Review and Photo Copyright © Christopher James Ryan
I am going to dive right in for this review and say this left me speechless, a truly remarkable orchestra event and one which people who came to see will not forget. Having already been lucky enough to see Hans Zimmer himself live in Liverpool back in 2017, I was over the moon for this tour to come back. The difference this time being that Hans will not be here but his trusted best friend, Gavin Greenaway, will lead on as the conductor joined by loads of musical legends who originally featured in the music such as Lisa Gerrard, Pedro Eustache, Juan Garcia-Herreros, Amir John Haddad, Valentina Nafornita, Lucy Landymore, Elaine Correa and many, many more! As if that wasn’t enough, on this tour the Belarusian Bolshoi Theatre Symphony Orchestra will be performing along side these legends.
The show was full of emotional ups and downs as you’re taken on a journey through a selection of classic blockbuster pieces spanning over 20 years. The stage is dwarfed by huge beautiful digital screens which illuminate different unique styles during each song while the areas of the choir pop out from some of the giant panels along with a short video clips of Hans talking about how each song was made and how it came about. Having composed for over 150 films with potentially 1000’s of tracks you can’t blame Zimmer for wanting to change things up, there is plenty of new material alongside the classics.
Opening up with The Dark Knight which instantly grips you with the bang of the drums, the eerie thunder and the violins kick in and here we go! For the next few hours, fans were spoilt for choice being treated to King Arthur, Mission Impossible 2, Pearl Habour, Rush and, for the end of part one, The Da Vinci Code, in full, grips the audience as it booms around the vast arena.
Part two opens up with the joyful theme tune from Madagascar which filled the arena with laughter and happiness as a backdrop lights up with footage of the animated cast showing off their dance moves. Spirit Theme follows along with Kung Fu Panda. Having been asked why he does animated films when he writes music for some of the worlds biggest blockbuster films, his response reveals that he’s a big kid deep down inside. The shows switchs from the kids films to something more deep in the feels with Hans revealed that The Holiday has been picked for a lot of wedding songs.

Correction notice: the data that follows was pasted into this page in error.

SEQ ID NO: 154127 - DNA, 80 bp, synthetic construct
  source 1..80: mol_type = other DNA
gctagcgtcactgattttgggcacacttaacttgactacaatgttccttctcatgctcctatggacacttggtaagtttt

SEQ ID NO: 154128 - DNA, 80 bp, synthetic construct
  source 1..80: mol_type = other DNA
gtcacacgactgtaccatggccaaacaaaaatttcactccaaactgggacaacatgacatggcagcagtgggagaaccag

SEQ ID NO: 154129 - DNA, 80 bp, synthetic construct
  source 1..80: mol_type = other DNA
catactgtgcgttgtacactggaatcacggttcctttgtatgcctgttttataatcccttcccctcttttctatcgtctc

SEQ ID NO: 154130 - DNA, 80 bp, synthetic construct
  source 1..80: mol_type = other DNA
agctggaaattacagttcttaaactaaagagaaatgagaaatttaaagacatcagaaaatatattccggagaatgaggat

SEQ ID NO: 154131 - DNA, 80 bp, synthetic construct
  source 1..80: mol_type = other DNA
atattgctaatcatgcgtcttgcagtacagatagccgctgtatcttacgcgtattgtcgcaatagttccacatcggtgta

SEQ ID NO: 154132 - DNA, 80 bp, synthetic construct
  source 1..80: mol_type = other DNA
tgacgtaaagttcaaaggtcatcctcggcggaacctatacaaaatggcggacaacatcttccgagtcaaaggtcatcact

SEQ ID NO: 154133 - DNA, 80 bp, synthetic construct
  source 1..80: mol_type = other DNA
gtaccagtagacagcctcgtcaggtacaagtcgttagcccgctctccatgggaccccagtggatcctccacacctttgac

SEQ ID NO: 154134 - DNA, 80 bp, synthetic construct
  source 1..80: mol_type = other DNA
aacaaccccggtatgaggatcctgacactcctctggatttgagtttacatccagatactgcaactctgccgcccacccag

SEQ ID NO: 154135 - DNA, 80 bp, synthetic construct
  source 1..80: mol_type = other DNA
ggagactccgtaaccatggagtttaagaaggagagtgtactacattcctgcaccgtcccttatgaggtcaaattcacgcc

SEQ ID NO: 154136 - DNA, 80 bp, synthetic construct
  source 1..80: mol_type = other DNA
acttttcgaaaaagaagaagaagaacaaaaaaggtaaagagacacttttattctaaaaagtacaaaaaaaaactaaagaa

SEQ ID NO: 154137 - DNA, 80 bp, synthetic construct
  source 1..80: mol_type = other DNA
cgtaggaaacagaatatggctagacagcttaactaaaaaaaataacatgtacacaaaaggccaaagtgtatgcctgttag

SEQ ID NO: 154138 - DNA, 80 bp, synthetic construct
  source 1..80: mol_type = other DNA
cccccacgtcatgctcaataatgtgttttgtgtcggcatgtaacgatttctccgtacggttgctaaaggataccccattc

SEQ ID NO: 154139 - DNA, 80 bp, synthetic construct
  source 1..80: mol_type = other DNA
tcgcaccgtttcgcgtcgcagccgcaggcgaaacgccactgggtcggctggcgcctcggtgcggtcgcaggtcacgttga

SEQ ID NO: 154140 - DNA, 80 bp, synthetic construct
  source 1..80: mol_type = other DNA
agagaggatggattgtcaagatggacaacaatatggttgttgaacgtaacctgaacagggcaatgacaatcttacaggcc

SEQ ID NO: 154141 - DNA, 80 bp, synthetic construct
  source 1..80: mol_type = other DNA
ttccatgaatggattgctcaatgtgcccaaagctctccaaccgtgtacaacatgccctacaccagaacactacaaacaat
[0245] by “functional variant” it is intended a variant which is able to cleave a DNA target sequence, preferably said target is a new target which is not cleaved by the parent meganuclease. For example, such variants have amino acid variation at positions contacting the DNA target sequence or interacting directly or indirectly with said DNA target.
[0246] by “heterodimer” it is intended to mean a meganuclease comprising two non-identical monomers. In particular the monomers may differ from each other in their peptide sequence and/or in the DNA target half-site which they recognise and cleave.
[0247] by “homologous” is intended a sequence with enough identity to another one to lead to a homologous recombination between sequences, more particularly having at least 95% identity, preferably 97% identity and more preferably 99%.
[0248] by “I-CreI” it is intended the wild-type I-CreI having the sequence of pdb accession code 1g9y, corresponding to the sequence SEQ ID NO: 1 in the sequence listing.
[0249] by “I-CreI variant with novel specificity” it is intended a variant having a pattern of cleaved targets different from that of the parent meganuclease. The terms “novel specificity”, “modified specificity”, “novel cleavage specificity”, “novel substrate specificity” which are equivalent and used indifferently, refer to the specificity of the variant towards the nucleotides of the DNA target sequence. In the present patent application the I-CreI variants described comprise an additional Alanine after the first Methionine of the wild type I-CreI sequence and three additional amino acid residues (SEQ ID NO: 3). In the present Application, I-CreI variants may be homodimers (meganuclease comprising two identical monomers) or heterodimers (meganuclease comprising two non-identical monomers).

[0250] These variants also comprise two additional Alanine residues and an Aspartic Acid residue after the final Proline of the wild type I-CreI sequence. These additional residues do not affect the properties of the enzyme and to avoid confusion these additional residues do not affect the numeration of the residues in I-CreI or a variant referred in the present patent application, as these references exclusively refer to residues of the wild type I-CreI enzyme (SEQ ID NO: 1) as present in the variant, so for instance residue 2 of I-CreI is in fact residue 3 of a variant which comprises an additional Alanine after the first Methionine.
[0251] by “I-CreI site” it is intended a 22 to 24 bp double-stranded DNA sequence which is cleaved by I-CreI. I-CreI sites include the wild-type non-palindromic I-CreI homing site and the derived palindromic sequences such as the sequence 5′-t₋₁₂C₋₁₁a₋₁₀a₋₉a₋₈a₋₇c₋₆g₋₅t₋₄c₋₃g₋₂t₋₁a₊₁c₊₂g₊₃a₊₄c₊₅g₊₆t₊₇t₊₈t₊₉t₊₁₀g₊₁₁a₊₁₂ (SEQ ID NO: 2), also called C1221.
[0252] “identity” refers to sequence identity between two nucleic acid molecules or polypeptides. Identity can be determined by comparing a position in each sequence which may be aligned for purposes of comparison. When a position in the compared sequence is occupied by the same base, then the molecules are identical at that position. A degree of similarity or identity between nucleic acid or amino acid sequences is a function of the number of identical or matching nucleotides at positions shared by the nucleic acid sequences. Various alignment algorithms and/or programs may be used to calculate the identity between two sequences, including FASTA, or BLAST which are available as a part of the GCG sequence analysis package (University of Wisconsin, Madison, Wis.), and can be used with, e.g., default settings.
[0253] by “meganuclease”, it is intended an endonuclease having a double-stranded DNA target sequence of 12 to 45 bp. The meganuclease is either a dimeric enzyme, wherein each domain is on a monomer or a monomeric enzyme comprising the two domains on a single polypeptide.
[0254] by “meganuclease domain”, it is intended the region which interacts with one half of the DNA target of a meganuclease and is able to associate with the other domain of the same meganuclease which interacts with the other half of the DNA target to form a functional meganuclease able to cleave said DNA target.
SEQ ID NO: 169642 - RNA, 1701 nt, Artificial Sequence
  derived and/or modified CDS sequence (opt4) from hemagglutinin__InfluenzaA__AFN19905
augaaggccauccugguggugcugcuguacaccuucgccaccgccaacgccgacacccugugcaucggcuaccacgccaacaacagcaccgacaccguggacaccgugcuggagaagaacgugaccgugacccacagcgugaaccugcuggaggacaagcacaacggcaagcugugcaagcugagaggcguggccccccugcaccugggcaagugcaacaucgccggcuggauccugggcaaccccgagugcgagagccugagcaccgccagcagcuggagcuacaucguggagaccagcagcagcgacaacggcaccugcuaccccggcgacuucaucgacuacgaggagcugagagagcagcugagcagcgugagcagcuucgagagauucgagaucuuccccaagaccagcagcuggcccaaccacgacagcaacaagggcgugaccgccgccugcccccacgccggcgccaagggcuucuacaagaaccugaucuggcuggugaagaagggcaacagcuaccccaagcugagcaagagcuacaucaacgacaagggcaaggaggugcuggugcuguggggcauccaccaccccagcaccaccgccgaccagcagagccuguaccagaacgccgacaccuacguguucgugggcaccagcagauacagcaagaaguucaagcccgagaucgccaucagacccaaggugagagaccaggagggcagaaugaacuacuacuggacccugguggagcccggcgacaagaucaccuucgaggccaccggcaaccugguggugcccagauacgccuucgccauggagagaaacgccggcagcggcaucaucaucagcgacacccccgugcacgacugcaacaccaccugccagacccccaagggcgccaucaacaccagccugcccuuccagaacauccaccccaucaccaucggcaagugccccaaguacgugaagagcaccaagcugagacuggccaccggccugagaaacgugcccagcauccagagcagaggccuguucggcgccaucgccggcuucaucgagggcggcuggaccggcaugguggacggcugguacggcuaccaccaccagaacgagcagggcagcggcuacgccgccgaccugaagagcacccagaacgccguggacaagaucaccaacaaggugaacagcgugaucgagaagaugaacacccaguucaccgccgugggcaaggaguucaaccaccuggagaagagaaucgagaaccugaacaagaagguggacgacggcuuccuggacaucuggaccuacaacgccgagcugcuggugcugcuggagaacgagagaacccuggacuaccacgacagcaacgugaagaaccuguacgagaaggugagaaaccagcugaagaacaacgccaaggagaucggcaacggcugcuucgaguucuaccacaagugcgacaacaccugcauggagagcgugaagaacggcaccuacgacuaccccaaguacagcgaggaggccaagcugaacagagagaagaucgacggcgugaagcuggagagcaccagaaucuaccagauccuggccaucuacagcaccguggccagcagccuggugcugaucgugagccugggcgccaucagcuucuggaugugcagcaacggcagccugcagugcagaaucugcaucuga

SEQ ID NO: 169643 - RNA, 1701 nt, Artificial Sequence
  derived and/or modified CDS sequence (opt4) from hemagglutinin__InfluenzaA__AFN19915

Speaking about my personal favourite, Hannibal, Hans reveals that he was in a meeting with the bosses and said openly this is a romantic comedy which everyone laughed at but it is true… in a way. To make it more of a unique piece the live version opens up with a cello solo by none other than Marie Spacemann and, for a horror theme piece, the end result sounds both eerie and romantic.
The Lion King is possibly one of the most heartfelt animations of the 20th Century but, even with a strong political meaning behind it, for composer Lebo M who worked with Hans it means a lot as hans explains. It’s a heartfelt piece of work as Hans explains, in particular one tearjerker of scene involving Simba’s Dad dying, with Hans revealing how that particular piece of music was created as a tribute to his father who died when he was a young lad. Around the venue more than the odd tear was being shed.
Zimmer speaks for the last time on screen before he begins to play the piano to Inception, another beautifully made piece of work and one that is very personal to me so to hear it live again it opened up my emotions leaving myself and the rest of the arena speechless at the end of the show.
However.. its not the end! Ending on more happier terms as Pirates Of The Carribean is played and lifts the spirits into one of joy which Hans clearly planned. After three hours of this majestic night it had to end but it does so leaving the crowd speechless, gobsmacked and amazed at how beautifully this show crafted with the added bonus of some of the original musicians being here to perform some truly iconic pieces of work.